2. Some good loaf tins

3. Some high-gluten flour, in the states KAF seems highly regarded

4. A digital scale

5. Seconding Bertinet's book or Jeffrey Hamelman's bread - I've had much better results with them than Reinhart (though there's nothing wrong with Reinhart).

6. Big mixing bowl

7. Pizza stone.
posted by smoke at 1:53 PM on December 16, 2009

nthing The Bread Baker's Apprentice. On my first try ever, I was able to make some amazing, crusty bread just by reading the advice and using the recipes in the book.

Try the pain l'ancienne recipe...relatively easy and produces an amazing result...and this was in my old rinky-dink oven. In case you do go this route, definitely use the steaming technique whereby you pour water into a separate pan placed in the bottom of the oven right as you put the dough in. Yum!
posted by choochoo at 1:57 PM on December 16, 2009

I learned on Breads of La Brea Bakery. The precision she describes for time and temperature may seem a bit daunting if you have other things to do with your life. Don't worry if your schedule slides an hour here or there or if your temperatures are not ideal. You'll still end up with some amazing product. Even your "failures" will be delicious.
posted by rocketpup at 1:57 PM on December 16, 2009

P.S. Forgot a few things. A pastry brush is very helpful for doing egg washes. Heresy, I know, but I sometimes use a rolling pin to flatten pizza dough when I'm in a hurry.

One more tool, though I use it only when making baguettes: the Triple Baguette Pan from Chicago Metallic.

Honestly? My family loves bread sticks, so I end up cutting dough with a pizza wheel and letting the bread sticks rise on a cornmeal-covered Silpat on a baking sheet. Baguettes have gone out the window in favor of bread sticks with a nice garlic-salt-smoked paprika topping.

Go for the big bowl, though. Even if your husband gives up on bread, you'll have a lovely and useful object in the kitchen.
posted by MonkeyToes at 2:01 PM on December 16, 2009

I like using a 11 x 17 pan filled with hot water and putting it under the bowl of dough in a cold oven to help it rise. Heats the air inside the oven and no drafts! Also look into the No Knead bread for an easy intro.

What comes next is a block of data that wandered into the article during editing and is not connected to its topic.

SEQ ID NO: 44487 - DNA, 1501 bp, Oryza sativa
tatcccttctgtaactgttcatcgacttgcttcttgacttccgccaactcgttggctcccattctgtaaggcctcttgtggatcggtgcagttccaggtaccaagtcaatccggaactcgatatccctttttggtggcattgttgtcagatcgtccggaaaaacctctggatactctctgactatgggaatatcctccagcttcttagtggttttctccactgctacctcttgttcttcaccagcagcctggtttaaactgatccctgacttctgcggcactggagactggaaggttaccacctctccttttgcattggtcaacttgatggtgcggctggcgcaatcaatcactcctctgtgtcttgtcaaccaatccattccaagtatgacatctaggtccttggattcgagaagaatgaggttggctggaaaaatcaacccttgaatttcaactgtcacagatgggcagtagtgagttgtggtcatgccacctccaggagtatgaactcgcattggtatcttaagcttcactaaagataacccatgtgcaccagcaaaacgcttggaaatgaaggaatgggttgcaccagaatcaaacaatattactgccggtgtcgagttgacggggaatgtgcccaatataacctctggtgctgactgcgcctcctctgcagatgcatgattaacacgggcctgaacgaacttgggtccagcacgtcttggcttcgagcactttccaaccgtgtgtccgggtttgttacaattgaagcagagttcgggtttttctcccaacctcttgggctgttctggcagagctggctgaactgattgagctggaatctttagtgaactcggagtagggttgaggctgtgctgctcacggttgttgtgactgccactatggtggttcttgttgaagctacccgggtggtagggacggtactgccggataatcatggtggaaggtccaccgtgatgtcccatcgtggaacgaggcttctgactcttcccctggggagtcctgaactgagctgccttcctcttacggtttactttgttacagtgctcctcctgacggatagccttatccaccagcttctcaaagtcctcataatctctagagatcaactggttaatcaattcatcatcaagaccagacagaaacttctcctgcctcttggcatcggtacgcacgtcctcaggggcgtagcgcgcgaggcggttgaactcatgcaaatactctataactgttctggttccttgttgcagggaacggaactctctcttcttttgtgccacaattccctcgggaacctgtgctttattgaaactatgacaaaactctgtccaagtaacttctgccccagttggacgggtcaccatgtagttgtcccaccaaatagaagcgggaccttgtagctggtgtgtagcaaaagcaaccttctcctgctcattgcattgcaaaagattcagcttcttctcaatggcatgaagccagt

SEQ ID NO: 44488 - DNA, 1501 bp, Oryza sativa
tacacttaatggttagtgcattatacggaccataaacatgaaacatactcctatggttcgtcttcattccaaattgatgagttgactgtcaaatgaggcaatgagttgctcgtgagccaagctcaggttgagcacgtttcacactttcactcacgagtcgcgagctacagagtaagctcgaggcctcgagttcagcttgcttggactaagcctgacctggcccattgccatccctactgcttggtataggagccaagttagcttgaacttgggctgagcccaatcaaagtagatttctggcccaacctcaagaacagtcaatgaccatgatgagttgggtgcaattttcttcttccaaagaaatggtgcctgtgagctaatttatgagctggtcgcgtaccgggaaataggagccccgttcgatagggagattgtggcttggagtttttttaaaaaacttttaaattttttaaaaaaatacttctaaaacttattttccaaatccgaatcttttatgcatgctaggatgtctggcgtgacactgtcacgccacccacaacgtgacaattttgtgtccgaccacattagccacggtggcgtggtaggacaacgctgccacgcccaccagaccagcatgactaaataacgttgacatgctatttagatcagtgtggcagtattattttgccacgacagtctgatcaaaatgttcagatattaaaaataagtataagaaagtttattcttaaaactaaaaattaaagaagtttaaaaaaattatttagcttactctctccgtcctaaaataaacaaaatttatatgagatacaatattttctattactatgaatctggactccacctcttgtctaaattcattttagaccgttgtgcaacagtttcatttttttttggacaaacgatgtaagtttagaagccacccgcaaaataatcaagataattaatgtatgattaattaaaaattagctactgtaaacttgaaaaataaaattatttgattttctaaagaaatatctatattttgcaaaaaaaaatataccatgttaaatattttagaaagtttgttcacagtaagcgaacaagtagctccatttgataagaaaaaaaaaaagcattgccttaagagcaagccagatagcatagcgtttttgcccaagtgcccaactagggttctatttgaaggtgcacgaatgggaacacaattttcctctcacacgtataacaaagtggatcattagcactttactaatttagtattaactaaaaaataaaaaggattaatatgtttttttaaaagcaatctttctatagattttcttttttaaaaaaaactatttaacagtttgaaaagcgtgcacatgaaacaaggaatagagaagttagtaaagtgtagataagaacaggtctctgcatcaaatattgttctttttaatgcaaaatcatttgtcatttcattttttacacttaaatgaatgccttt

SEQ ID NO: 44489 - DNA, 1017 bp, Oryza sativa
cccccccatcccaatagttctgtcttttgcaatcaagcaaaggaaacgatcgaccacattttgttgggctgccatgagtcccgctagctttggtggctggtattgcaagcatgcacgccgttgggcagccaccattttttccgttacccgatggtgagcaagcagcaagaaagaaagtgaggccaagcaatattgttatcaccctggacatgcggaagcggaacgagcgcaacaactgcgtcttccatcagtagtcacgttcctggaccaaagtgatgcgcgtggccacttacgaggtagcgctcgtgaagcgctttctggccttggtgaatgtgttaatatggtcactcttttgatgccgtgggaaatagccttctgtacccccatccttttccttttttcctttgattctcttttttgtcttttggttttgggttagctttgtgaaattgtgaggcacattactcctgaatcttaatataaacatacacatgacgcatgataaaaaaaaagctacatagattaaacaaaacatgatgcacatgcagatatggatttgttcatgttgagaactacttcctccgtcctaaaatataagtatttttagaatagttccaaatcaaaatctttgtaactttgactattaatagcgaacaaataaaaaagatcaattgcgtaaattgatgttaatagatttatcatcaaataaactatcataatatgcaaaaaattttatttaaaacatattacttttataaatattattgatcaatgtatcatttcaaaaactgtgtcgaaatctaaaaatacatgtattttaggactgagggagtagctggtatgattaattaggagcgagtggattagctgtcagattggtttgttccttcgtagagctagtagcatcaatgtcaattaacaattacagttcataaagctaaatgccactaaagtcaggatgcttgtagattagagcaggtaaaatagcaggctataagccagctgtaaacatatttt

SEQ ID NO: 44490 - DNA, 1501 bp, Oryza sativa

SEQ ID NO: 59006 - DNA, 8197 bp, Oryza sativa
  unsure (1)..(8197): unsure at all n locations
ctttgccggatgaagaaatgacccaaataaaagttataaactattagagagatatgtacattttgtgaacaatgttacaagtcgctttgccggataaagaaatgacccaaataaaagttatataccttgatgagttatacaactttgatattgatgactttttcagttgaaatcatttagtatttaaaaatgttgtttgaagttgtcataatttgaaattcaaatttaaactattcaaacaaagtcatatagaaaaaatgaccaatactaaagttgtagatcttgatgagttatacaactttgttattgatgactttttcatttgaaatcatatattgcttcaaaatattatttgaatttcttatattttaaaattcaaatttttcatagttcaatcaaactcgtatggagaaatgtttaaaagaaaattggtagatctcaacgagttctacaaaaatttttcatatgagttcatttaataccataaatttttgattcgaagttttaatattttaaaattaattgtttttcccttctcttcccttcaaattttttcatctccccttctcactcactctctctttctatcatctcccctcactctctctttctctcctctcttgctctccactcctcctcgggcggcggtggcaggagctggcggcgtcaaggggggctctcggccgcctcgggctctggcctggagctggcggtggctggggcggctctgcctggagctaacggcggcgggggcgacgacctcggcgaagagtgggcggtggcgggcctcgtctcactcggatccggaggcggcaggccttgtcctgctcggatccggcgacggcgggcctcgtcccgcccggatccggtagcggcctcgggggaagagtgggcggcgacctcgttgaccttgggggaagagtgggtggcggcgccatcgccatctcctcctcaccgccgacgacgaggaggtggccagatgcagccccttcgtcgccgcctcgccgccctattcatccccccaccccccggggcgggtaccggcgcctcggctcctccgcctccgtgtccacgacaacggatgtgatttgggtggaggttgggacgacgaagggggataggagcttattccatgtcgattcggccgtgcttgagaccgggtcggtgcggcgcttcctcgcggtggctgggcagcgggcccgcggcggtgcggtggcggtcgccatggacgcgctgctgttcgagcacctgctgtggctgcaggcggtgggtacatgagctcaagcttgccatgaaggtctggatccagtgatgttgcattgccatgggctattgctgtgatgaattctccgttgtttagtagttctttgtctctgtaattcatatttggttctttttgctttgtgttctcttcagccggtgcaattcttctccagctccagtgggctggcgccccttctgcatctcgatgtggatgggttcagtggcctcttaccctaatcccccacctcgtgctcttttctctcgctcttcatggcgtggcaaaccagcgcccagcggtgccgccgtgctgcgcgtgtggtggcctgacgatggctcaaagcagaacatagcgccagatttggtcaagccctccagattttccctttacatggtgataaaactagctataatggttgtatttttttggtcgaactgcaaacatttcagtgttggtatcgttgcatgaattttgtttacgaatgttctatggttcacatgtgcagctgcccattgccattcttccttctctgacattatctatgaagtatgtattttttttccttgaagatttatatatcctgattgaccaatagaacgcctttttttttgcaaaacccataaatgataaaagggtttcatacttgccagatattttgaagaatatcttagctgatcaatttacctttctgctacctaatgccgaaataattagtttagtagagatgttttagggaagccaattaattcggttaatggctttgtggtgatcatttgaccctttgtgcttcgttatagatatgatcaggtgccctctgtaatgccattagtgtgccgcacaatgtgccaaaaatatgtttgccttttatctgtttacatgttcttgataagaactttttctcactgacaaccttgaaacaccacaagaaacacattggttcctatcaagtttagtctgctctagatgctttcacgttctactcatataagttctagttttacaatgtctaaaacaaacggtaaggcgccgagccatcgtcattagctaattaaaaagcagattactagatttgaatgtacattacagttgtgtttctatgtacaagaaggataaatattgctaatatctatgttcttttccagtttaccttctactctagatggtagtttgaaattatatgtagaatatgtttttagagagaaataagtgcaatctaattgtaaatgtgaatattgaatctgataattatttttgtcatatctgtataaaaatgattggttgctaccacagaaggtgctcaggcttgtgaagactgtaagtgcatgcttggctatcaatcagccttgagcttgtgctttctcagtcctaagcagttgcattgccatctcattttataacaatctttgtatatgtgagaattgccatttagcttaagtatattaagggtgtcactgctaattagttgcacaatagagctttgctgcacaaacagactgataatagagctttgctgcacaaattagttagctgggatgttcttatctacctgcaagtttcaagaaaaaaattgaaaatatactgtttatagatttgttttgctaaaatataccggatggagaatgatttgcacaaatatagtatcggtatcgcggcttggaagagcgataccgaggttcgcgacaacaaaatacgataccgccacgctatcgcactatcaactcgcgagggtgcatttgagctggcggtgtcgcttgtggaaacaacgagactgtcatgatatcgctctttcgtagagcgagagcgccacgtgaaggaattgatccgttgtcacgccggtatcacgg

posted by KathyK at 2:05 PM on December 16, 2009

I'm mainly here to nth a dough scraper. It's amazing for cleaning up your workspace, and for slicing your dough into smaller pieces. Few things are as satisfying slicing dough with a dough scraper. Be warned - they can be very, very sharp, and dangerous to leave lying around.

I also recommend, instead of packets of dry active yeast, to get jars of them. They run around $8 or so and are a much better deal - but they are perishable. I think they go bad around 6 months after you open them, and must be refrigerated. But it's just a much better deal.

And pizza stones are essential for things like pizza, naan, flatbreads, etc.

Have fun!
posted by ORthey at 2:17 PM on December 16, 2009 [1 favorite]

Get a bread machine on Craigslist. You'd be surprised how cheap they are. Evidently, bread machines are common as wedding gifts that go completely unused. Hence, the oversupply on Craigslist. My wife & I got a Williams & Sonoma bread machine for $25 this way.
posted by jonp72 at 2:19 PM on December 16, 2009

I'm backwards in that I went from years of professional baking to becoming a home hobby baker. The one thing I hate going without is a proper scale.

If your SO likes to take hobby projects as seriously as you suggest, get him one. Baking is more formula based than cooking, and measuring by volume for most baking ingredients is insanity especially if you are trying to get consistent results.
posted by quarterframer at 2:19 PM on December 16, 2009

Best answer: My go to bread book as of late has been Jeffery Hamelman's Bread: A Baker's Book of Techniques and Recipes, but my all time favorite is The Bread Builders by Daniel Wing and Alan Scott.

Both books have really excellent explanations of the science of bread and excellent instruction on technique. Bread Builders has only one recipe, but it has all the tools an adventurous baker needs to experiment with his own ideas. (And the second half of the book has plans and instructions for building a wood-fired, retained heat masonry oven; which is fascinating reading, even if you don't have plans to build one.) Wing has a rather draconian definition of "good bread" (whole grains, naturally leavened, baked in a masonry oven), but his writing is full of enthusiasm rather than snobbishness. They also have a dead simple formula for starting and maintaining a sourdough culture.

Hamelman's book is more equally divided between recipes and science/technical instruction. He is a little less draconian in his definition of good bread. His book does fill in some of the topics that Bread Builders covers in more abstract or scientific terms with specific recipes.